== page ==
Equally so, there would not be a future of agriculture without a next generation of farmers, specialists in logistics, cold storage, among numerous other occupations in value chains associated with agricultural production. Globally, there are 71 million unemployed youth worldwide and 156 million young workers living in poverty. Although the world’s youth population is expected to grow, employment and entrepreneurial opportunities for young women and men remain limited – particularly for those living in economically stagnant rural areas of developing countries. The majority of rural youth are employed in the informal economy as contributing family workers, subsistence farmers, home-based micro-entrepreneurs or unskilled workers. They typically earn low wages, are employed under casual or seasonal work arrangements and face unsafe, often exploitive working conditions that compel many to migrate to urban areas, or further afar. Re-engaging youth in agriculture requires addressing the numerous constraints that they face when trying to earn a livelihood.
Support from investors who see the profit, but also understand the needs of sustainable development and the future of food, and the needs of future generations, could not be more critical. Between 2015 and 2030, the combined population of Africa and Asia is projected to increase from 5.6 billion to more than 6.6 billion. In the same period, the number of people aged 15–24 years is expected to grow by about 100 million to 1.3 billion worldwide. Addressing these challenges, FAO has developed a programme on Decent Rural Employment, tailored to the challenges faced in decent work and youth employment within the context of agriculture and the rural economy. Together with governments, civil society organisations, businesses and other stakeholders, FAO builds capacity on how to tackle decent employment in rural areas, and boost the employment of youth, through tools such as the Junior Farm Field and Life Schools (JFFLS) approach, which helps build critical skills for youth to enter into the agricultural labour market.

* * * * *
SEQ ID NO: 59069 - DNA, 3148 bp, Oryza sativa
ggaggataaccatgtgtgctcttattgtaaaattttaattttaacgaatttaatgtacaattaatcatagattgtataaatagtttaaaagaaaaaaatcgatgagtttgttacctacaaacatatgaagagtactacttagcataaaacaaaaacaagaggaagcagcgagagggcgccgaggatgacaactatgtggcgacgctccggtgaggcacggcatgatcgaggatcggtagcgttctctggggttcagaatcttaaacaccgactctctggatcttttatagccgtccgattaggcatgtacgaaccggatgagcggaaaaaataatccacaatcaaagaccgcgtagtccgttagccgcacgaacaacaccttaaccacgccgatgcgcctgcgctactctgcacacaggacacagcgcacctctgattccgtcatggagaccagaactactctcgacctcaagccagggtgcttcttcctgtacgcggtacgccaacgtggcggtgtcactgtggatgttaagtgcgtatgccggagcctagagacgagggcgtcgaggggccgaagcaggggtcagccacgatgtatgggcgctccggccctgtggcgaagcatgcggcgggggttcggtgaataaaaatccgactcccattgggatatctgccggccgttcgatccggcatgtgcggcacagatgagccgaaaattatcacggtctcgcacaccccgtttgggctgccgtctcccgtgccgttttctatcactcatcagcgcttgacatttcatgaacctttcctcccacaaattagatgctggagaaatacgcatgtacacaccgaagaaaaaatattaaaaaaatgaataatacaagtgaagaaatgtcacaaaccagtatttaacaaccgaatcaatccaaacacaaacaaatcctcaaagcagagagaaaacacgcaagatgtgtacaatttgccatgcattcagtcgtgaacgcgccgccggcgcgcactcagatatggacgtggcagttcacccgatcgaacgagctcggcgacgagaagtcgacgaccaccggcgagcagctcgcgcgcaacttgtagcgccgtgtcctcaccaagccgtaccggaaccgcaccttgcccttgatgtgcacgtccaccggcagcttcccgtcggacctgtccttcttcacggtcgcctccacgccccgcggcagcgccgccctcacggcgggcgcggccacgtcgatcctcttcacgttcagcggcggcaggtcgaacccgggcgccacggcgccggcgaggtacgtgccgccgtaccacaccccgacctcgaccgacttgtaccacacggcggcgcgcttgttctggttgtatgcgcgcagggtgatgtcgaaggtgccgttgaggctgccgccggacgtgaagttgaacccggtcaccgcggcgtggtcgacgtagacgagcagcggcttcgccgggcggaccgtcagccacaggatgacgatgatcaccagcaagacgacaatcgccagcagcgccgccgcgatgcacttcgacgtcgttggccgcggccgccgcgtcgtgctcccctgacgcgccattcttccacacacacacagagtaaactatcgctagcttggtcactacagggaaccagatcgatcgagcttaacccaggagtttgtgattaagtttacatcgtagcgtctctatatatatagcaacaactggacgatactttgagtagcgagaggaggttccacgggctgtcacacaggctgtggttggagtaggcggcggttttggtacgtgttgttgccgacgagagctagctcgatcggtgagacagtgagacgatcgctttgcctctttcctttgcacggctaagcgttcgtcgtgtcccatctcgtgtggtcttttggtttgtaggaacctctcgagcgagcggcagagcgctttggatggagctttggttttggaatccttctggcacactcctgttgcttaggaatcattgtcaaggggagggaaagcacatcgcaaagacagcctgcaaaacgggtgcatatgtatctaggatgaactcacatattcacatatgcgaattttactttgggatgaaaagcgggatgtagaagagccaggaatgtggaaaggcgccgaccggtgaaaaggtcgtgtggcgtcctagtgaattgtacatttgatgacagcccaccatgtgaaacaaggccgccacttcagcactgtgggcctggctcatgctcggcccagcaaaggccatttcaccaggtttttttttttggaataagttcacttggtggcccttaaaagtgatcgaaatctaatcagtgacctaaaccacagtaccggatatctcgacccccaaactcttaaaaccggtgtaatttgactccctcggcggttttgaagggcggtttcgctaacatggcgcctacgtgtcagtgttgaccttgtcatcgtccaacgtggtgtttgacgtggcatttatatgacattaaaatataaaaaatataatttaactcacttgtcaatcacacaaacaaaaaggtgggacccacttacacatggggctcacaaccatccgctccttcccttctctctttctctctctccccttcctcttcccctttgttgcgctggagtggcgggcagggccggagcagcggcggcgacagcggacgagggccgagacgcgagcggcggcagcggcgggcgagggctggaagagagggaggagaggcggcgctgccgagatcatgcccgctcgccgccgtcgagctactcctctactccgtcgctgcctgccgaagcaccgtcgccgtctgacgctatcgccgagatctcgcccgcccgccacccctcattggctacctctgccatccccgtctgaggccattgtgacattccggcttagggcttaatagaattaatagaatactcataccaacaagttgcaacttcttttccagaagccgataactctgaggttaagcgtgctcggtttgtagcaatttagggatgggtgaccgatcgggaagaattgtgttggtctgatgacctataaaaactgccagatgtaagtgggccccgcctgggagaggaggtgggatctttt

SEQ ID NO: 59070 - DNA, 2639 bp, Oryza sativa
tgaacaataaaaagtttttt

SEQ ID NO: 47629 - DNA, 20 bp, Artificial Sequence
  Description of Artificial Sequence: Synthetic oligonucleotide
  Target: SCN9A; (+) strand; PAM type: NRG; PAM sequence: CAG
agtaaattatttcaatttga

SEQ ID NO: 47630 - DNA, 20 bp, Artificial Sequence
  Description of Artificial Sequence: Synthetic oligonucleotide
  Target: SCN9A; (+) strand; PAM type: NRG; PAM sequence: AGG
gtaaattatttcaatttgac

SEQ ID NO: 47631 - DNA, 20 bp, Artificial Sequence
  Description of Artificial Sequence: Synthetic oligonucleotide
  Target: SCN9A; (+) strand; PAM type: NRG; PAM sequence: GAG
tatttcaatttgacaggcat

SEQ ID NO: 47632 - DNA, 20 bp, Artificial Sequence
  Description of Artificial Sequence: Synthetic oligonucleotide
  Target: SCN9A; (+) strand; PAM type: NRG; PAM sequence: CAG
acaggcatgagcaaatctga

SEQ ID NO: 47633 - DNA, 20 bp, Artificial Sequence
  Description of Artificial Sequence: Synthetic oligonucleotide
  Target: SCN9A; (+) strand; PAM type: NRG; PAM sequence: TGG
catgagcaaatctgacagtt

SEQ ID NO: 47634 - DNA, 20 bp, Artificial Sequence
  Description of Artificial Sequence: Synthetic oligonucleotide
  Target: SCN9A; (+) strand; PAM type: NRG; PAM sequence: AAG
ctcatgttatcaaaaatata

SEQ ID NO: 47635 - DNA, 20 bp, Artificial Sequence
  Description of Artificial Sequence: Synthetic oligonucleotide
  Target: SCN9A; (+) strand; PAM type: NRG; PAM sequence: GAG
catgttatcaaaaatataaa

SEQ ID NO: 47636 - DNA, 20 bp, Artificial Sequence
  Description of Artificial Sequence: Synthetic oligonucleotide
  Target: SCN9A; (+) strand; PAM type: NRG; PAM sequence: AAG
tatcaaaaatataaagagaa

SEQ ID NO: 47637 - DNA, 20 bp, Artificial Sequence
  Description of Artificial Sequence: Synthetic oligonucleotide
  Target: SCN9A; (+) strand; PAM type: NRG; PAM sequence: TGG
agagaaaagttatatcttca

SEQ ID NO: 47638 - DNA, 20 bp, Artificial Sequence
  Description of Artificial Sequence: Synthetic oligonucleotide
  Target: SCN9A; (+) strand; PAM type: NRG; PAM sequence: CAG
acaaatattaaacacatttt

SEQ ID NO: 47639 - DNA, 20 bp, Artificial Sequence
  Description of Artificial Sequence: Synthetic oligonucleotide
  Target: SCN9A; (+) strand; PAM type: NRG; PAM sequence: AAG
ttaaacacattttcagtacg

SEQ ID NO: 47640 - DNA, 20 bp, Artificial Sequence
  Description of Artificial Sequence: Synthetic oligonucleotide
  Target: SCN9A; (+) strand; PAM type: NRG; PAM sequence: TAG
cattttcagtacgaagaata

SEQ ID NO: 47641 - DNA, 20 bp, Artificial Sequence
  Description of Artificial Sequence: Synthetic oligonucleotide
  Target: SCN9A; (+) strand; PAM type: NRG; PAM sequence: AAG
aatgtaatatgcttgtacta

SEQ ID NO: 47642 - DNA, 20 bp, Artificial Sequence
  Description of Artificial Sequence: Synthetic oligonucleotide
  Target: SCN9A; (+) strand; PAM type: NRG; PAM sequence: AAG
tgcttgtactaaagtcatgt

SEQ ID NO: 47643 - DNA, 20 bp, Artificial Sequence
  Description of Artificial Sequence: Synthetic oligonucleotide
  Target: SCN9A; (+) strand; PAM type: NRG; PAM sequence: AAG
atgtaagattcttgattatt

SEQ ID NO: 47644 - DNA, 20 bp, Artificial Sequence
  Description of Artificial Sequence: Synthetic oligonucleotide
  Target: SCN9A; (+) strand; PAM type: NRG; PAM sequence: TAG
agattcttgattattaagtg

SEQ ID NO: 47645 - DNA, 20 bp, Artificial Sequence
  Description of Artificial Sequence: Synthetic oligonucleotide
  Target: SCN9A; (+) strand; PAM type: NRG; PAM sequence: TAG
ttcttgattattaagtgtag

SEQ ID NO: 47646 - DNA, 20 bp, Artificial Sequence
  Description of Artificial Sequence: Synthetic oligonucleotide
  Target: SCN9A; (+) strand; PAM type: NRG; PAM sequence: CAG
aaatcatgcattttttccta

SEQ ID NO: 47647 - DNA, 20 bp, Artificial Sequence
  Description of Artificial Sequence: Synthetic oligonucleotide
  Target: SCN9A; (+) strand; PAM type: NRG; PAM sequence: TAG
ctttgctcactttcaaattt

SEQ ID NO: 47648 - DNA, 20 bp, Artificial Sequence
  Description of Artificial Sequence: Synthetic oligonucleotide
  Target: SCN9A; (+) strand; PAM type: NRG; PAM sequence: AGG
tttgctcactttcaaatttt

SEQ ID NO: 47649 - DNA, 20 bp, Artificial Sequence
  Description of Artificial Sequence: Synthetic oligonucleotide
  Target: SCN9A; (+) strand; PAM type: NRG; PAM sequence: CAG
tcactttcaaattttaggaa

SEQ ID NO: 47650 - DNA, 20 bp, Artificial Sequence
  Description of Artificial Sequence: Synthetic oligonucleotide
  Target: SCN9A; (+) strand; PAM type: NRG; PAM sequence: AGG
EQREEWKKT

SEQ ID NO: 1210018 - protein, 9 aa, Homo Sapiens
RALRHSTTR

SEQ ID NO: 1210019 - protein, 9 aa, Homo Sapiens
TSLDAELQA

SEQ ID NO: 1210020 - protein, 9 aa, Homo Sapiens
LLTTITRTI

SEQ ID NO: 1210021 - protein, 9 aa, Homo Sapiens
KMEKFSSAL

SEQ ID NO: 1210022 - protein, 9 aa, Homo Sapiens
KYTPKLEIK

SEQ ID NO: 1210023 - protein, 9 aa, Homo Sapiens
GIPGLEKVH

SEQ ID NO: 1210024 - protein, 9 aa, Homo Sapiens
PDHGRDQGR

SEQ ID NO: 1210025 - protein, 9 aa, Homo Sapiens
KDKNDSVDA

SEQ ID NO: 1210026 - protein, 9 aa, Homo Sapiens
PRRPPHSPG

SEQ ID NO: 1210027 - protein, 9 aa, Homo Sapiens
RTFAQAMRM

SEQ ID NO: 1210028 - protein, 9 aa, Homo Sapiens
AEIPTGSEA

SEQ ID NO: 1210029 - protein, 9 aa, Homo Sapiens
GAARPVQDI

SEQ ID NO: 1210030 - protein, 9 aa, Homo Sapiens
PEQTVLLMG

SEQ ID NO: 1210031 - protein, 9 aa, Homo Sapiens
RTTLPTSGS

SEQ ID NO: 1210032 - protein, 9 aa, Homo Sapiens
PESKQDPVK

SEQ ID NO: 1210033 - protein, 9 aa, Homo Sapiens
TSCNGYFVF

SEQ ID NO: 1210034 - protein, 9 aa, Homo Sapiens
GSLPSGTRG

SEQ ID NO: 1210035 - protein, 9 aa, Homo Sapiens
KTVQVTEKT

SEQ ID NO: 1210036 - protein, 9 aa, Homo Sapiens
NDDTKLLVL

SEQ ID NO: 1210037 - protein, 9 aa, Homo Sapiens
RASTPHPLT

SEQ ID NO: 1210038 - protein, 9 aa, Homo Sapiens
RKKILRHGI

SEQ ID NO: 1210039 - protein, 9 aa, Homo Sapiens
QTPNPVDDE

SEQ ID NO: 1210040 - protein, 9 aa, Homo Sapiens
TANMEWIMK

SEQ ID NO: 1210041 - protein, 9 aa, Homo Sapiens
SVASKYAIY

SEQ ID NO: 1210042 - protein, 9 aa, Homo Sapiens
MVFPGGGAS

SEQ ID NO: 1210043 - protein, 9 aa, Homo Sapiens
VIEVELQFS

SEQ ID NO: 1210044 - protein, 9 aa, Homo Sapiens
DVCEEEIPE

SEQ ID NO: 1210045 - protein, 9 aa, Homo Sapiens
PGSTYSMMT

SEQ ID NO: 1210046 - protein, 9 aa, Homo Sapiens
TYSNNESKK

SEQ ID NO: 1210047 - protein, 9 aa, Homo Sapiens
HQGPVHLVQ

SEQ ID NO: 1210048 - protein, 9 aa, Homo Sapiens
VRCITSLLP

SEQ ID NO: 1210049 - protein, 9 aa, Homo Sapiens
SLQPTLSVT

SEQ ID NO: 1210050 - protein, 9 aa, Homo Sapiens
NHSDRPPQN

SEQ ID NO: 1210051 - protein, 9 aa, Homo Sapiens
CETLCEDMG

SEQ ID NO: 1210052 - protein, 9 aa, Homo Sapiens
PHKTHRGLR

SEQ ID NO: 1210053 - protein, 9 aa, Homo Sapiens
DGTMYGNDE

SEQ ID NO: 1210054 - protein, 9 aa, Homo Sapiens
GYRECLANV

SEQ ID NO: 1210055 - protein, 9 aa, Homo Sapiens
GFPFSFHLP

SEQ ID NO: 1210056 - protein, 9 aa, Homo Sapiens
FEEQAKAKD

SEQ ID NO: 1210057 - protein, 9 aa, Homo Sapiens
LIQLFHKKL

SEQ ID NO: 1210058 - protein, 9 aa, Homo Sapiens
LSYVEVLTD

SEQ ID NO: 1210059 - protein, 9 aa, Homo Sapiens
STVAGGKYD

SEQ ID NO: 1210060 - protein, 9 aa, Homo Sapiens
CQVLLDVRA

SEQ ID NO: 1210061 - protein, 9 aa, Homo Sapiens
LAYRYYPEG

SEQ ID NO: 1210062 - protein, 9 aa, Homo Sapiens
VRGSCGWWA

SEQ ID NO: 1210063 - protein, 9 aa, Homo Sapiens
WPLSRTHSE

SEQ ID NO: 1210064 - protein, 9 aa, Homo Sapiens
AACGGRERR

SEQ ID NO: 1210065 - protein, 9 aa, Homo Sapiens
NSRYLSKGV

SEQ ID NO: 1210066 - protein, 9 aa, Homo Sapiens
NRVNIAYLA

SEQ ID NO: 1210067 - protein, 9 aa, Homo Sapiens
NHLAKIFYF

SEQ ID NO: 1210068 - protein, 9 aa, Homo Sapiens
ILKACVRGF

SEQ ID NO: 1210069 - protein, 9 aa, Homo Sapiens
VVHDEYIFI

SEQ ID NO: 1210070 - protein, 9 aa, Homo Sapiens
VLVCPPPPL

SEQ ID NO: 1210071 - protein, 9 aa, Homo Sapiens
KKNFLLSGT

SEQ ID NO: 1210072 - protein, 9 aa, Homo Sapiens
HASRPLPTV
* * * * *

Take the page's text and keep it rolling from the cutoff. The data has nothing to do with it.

While efforts are being made, mobilising support from the investor community is needed to tackle productivity, poverty, and development in agriculture. Indeed, investors have not traditionally made decisions based on how to bolster development, however, times are changing. When considering multinationals, several are taking the lead in beginning to re-think business models, akin to concepts such as Creating Shared Value (CSV) by Dr Michael Porter of Harvard Business School, which argues that the competitiveness of a company and the health of the communities around it are mutually dependent. This same notion could not be truer for rural labour markets, and the need for boosting decent jobs for youth through greater agricultural investment in the developing world.